J. L. BELL is a Massachusetts writer who specializes in (among other things) the start of the American Revolution in and around Boston. He is particularly interested in the experiences of children in 1765-75. He has published scholarly papers and popular articles for both children and adults. He was consultant for an episode of History Detectives, and contributed to a display at Minute Man National Historic Park.

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Monday, August 29, 2011

Life and Death in the Camps with Pvt. David How

David How (1758-1842) of Methuen enlisted in the Continental Army at the end of 1775. He kept a diary, largely for financial transactions, though he also included notes about sermons and major military events.

It’s often noted that in the eighteenth century more soldiers died in camps of disease or other causes than on the battlefield. Here are extracts from David How’s diary in February 1776, during the siege of Boston, that pertain to life and death:
7 [Feb 1776] This Day two men In Cambridge got a bantering Who wodd Drink the most and they Drinkd So much That one of them Died In About one houre or two after . . .

10 There was two women Drumd out of Camp This fore noon
That man was Buried that killed himself Drinking . . .

12 There was a man found Dead in a room with A. Woman this morning. It is not known what killed him. . . .

17 Liet. Chandler Broke out with the Small pox and was sent To the pest house this afterNoon . . .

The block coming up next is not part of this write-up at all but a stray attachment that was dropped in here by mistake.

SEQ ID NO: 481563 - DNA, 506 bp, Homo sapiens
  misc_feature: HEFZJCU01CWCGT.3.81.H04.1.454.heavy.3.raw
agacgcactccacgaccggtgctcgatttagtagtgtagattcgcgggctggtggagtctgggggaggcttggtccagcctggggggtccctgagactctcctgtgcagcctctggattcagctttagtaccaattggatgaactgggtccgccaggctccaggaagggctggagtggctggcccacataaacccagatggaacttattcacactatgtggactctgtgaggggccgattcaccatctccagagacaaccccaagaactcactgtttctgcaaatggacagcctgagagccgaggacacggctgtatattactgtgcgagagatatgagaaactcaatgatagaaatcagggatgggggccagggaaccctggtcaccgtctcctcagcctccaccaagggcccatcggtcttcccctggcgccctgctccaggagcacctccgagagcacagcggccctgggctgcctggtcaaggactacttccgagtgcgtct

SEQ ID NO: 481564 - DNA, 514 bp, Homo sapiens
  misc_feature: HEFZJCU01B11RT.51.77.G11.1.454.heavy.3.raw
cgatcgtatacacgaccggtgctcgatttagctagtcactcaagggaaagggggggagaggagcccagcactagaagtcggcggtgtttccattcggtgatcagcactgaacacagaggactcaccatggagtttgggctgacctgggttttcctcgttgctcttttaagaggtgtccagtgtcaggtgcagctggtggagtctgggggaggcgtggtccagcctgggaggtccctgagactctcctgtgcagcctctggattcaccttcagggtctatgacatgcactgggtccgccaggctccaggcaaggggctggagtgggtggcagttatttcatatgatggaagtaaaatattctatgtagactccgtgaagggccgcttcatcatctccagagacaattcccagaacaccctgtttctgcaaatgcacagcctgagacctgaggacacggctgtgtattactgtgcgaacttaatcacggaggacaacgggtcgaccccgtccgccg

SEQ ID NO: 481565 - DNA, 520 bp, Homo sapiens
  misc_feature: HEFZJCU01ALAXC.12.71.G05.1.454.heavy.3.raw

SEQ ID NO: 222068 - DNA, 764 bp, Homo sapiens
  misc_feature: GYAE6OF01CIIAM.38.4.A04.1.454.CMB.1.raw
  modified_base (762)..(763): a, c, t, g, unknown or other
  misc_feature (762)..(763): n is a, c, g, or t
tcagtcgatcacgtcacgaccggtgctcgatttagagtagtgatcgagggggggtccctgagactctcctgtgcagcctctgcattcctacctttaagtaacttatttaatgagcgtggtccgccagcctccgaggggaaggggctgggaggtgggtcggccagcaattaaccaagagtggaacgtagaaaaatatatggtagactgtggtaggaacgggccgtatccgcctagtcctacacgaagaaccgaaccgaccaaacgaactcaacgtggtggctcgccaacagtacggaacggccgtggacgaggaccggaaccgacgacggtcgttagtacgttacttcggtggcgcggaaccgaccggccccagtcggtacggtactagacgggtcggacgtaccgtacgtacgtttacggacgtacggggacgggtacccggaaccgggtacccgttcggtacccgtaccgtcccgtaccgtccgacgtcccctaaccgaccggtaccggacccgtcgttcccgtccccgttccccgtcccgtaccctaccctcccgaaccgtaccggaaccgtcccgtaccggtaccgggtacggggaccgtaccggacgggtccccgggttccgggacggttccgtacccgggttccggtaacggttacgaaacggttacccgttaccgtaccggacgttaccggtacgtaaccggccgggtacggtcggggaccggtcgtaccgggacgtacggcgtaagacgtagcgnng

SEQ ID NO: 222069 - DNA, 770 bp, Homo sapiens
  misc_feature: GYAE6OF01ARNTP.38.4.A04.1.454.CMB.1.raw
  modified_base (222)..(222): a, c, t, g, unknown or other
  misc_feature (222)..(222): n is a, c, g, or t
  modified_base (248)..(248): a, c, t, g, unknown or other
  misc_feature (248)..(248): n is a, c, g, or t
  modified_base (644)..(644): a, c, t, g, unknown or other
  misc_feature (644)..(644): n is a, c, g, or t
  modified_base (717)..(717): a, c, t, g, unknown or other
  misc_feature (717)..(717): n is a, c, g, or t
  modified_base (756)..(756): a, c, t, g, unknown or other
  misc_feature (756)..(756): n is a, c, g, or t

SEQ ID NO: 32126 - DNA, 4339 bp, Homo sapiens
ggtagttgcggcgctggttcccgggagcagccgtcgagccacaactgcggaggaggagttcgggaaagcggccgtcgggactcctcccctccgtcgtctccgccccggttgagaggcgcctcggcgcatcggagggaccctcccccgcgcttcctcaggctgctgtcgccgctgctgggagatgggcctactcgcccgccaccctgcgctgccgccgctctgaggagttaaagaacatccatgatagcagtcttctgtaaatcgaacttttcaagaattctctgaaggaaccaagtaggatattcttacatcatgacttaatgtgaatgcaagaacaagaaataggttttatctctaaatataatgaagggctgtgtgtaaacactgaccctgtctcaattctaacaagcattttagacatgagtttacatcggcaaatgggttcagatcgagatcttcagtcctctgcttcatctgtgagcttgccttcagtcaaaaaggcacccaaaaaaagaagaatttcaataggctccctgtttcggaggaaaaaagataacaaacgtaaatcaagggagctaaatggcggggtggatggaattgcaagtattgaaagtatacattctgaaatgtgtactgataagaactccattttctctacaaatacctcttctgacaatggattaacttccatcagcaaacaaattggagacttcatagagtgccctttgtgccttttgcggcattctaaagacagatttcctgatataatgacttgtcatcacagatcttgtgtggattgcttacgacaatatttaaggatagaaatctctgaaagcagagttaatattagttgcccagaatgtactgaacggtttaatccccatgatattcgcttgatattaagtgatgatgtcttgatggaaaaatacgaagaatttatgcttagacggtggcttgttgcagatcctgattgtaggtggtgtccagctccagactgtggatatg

21 Leut. Chandler Died with the Small pox At the pest house About one a Clock in the Day . . .

27 Daniel Chandler paid me Lawfull money that Lieut. Chandler owd me.
As I said, mostly financial transactions. And yet How was just seventeen.

3 comments:

Joan Q said...

I am currently reading the diary of Joseph Plumb Martin and would love to read How's diary. Where can I find it?

J. L. Bell said...

There's a copy available through Google Books. It takes only a little while to read because How wasn't the storyteller that Martin was.

Dan Craig said...

I love these short historical diaries, especially the line-a-day ones. Even better are those that are turned into offset real-time blogs or twitter feeds, like George Orwell, J. Q. Adams, or Jonas Clarke. Either of these guys have digitized diaries? Might there be interest in creating a site that is a collection of interesting people's diaries published as modern feeds?